Ethnic Armenian separatists, with Armenia's support, control most of the Nagorno-Karabakh region of Azerbaijan and seven surrounding Azerbaijani territories. The conflict over the Nagorno-Karabakh region remains unsolved. Hundreds of thousands of people are still displaced and live in miserable conditions. Considerable parts of the territory of Azerbaijan are still occupied by Armenian forces. The military action, and the widespread ethnic hostilities which preceded it, led to large-scale ethnic expulsion and the creation of mono-ethnic areas which resemble the terrible concept of ethnic cleansing. Separatist forces are still in control of the Nagorno-Karabakh region.
The first act of the newly independent Armenia was to attack neighbouring Azerbaijan. Armenia engaged in a massive campaign of ethnic cleansing and genocide. Armenia uprooted almost one million Azerbaijanis and approximately thirty thousand were killed. Armenia was supported by Russia in its campaign of ethnic cleansing signalling a pattern that would later crystalise in all of Russia’s dealing with its former territories and neighbours. Although Russia was the arsonist, it also played firefighter and brokered a ceasefire that left the issue unresolved.
Armenian forces and forces of the self-styled "Republic of Nargono-Karabakh" (which is not recognized by any government) continue to occupy 20 percent of Azerbaijan's territory. Exchanges of fire occurr frequently along the Azerbaijan-Armenian border and along the line of contact with Nargono-Karabakh causing casualties, including some civilians. The armed clash of 4/5 March 2008 was one of the worst to have taken place in recent times. There is increasing turbulence along the front line, and by the end of 2007 the number of shooting incidents and armed clashes was almost three times the previous annual figures; about 30 men had been killed during 2007.
Military operations continued to affect the civilian population. Figures about refugees and internally displaced persons are disputed on both sides. Therefore the numbers given are of indicative value. The total number of Armenians who left their homes in Azerbaijan is estimated at 300,000. Around 30,000 of them were resettled in N-K and the Lachin district. The total number of exiled Azerbaijanis is estimated at 800,000, including some 200,000 refugees from Armenia and around 600.000 internally displaced persons from the zone of conflict. The latter figure counts practically all 50,000 Azerbaijanis from N-K. In the part of Azerbaijan that Armenians control, a heavily militarized ruling structure prevents ethnic Azerbaijanis from returning to their homes.
This is now giving rise to demographic problems as the population of the area has shrunk by almost 70% in the past two decades. This frozen conflict carries the risk of creating a displaced population, although one not as yet of such proportion as to be a real threat to the region. During Armenia's war with Azerbaijan over Nagorno-Karabakh, authorities evacuated approximately 65,000 households from the border region, but most IDPs later returned to their homes or settled elsewhere. Of the remaining IDPs, almost two-thirds could not return to their villages, which were surrounded by Azerbaijani territory. Other IDPs chose not to return due to socioeconomic hardships or fear of land mines. A 2005 mapping study conducted by the Norwegian Refugee Council, together with the Migration Agency under the Ministry of Territorial Administration, found that 8,399 IDPs resided in the country. There were no further studies to estimate current numbers of IDPs. In September 2008 the authorities approved a program to assist in the resettlement of 626 families that were displaced during the Nagorno-Karabakh conflict; however, there was no funding provided to implement the program, according to government officials.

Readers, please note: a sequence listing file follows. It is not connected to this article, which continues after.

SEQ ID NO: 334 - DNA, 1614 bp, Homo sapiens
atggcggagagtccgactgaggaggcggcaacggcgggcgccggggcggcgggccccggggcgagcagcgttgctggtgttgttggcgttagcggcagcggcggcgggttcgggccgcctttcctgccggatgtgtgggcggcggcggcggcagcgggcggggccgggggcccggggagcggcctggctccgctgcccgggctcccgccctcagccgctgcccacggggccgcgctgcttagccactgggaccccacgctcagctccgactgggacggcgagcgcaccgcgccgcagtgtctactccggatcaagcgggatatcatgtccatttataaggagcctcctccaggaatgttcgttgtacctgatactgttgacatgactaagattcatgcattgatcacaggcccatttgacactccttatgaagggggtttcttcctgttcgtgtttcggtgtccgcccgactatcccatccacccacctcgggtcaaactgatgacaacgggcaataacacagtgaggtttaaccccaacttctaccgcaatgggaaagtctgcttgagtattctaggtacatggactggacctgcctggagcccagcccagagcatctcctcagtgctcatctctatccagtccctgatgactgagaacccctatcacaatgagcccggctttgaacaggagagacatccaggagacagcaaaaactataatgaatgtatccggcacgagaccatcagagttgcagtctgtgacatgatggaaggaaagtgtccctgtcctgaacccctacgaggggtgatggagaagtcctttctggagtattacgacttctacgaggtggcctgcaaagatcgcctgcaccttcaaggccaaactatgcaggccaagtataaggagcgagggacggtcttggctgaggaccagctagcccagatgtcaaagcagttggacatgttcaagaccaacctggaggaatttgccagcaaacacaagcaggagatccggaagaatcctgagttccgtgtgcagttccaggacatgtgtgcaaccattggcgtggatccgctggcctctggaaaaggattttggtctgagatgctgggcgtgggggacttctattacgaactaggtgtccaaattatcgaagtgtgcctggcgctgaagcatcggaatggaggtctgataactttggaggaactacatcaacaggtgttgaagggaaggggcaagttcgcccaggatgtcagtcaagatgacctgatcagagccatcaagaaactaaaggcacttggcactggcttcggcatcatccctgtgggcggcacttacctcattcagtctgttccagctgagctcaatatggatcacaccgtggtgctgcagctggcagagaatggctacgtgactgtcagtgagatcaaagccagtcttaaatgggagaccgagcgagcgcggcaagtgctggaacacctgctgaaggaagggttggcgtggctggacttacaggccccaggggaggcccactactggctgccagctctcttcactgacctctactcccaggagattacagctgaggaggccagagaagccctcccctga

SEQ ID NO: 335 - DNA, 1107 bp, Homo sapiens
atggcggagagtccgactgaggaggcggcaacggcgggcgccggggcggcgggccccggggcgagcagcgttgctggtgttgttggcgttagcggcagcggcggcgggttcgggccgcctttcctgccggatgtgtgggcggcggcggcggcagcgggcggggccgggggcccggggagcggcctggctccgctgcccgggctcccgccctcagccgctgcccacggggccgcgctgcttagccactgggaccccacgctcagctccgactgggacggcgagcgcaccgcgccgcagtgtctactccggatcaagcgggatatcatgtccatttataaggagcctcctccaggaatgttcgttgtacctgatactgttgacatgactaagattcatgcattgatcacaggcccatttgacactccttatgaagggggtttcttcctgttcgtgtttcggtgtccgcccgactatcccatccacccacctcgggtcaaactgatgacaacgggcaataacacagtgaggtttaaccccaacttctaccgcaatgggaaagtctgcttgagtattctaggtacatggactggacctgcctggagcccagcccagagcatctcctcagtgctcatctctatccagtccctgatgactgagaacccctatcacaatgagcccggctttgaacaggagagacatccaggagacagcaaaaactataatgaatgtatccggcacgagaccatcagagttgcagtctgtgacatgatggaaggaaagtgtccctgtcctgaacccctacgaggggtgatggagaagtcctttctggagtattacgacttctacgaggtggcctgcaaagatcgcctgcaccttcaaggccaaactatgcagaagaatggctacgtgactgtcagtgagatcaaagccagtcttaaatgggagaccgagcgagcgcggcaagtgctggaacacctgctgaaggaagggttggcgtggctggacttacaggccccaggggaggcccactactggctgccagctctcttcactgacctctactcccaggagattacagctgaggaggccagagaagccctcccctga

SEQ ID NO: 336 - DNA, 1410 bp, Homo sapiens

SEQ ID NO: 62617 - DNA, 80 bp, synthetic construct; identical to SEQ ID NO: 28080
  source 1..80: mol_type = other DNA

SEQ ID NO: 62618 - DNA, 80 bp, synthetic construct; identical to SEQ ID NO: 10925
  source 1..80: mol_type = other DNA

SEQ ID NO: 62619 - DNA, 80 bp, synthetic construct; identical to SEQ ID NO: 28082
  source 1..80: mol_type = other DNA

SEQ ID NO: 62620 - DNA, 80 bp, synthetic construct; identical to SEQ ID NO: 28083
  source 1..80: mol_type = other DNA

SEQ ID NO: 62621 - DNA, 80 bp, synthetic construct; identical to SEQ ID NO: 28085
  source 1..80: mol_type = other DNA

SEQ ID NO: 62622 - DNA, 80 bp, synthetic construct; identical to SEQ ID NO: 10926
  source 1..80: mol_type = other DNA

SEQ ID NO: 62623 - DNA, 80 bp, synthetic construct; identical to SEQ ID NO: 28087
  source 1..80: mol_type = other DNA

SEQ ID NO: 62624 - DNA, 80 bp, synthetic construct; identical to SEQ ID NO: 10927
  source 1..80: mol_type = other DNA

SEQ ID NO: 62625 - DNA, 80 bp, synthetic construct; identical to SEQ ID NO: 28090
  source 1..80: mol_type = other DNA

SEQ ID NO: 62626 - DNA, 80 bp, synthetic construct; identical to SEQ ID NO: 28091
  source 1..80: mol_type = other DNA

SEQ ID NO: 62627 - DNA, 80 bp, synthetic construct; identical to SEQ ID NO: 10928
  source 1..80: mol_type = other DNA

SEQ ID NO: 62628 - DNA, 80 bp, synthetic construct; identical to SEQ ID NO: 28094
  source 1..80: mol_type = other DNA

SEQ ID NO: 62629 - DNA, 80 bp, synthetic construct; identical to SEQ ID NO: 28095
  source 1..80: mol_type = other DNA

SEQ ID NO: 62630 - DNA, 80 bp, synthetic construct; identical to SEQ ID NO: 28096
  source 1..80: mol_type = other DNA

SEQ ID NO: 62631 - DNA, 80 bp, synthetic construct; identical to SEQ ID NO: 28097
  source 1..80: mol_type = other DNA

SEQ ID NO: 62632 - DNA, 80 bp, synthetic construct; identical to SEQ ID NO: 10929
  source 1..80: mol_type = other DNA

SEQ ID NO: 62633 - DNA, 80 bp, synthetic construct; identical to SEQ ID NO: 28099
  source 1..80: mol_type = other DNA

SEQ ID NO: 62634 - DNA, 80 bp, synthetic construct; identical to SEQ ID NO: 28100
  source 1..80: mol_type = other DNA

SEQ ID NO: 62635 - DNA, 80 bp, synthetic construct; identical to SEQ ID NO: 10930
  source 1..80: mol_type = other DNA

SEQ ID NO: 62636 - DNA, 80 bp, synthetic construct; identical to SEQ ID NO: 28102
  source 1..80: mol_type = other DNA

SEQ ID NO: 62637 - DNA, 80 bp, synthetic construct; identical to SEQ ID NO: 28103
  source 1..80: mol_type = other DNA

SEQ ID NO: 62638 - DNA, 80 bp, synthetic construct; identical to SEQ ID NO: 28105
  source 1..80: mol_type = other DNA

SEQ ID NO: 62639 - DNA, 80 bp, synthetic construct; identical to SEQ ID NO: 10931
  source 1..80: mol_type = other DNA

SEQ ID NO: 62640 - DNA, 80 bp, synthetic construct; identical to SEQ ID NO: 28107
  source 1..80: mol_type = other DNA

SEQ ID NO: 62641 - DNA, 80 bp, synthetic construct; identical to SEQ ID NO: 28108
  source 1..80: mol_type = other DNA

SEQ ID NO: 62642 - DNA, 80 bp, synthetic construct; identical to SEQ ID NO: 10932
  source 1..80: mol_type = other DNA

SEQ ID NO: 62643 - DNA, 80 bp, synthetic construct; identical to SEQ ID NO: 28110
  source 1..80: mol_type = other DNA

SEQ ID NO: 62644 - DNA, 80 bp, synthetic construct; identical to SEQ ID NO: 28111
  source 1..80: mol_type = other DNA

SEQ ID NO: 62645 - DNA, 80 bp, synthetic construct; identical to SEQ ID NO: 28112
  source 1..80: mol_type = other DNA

Many people do not want to return (especially ethnic Azerbaijanis formerly living in Armenia and ethnic Armenians formerly living in Azerbaijan). The former population of Nagorno-Karabakh and the adjacent districts is more likely to want to return because these areas had only been populated by ethnic Azerbaijanis and are nearly depopulated at present. Those refugees who do not want to go back need the means to integrate into the communities in which they have been living since their flight. Where displaced persons want to go back, large efforts are needed for the reconstruction of their destroyed homes. The reconstruction of houses will have to go hand in hand with economic reconstruction and development.
If the eventual settlement of this dispute does not envisage immediate secession of Nagorno-Karabakh form Azerbaijan, everyone accepts that Nagorno-Karabkh must have a high level of autonomy. Other positive experiences of autonomous regions are a source of inspiration. Regional autonomy with a high degree of self-government may be a better solution than secession and independence.
Land mines placed along the border with Azerbaijan and along the Line of Contact in the Nagorno-Karabakh conflict continued to cause bodily harm. During the first 11 months of 2009, government sources reported that three military personnel were killed and two injured by landmine explosions. There was one report of a civilian incurring injuries caused by land mines. According to official information, during the first 11 months of the year shootings along the militarized line of contact separating the sides as a result of the Nagorno-Karabakh conflict resulted in 26 casualties on the Armenian side, including the death of six military personnel and the wounding of 18 military personnel and two civilians.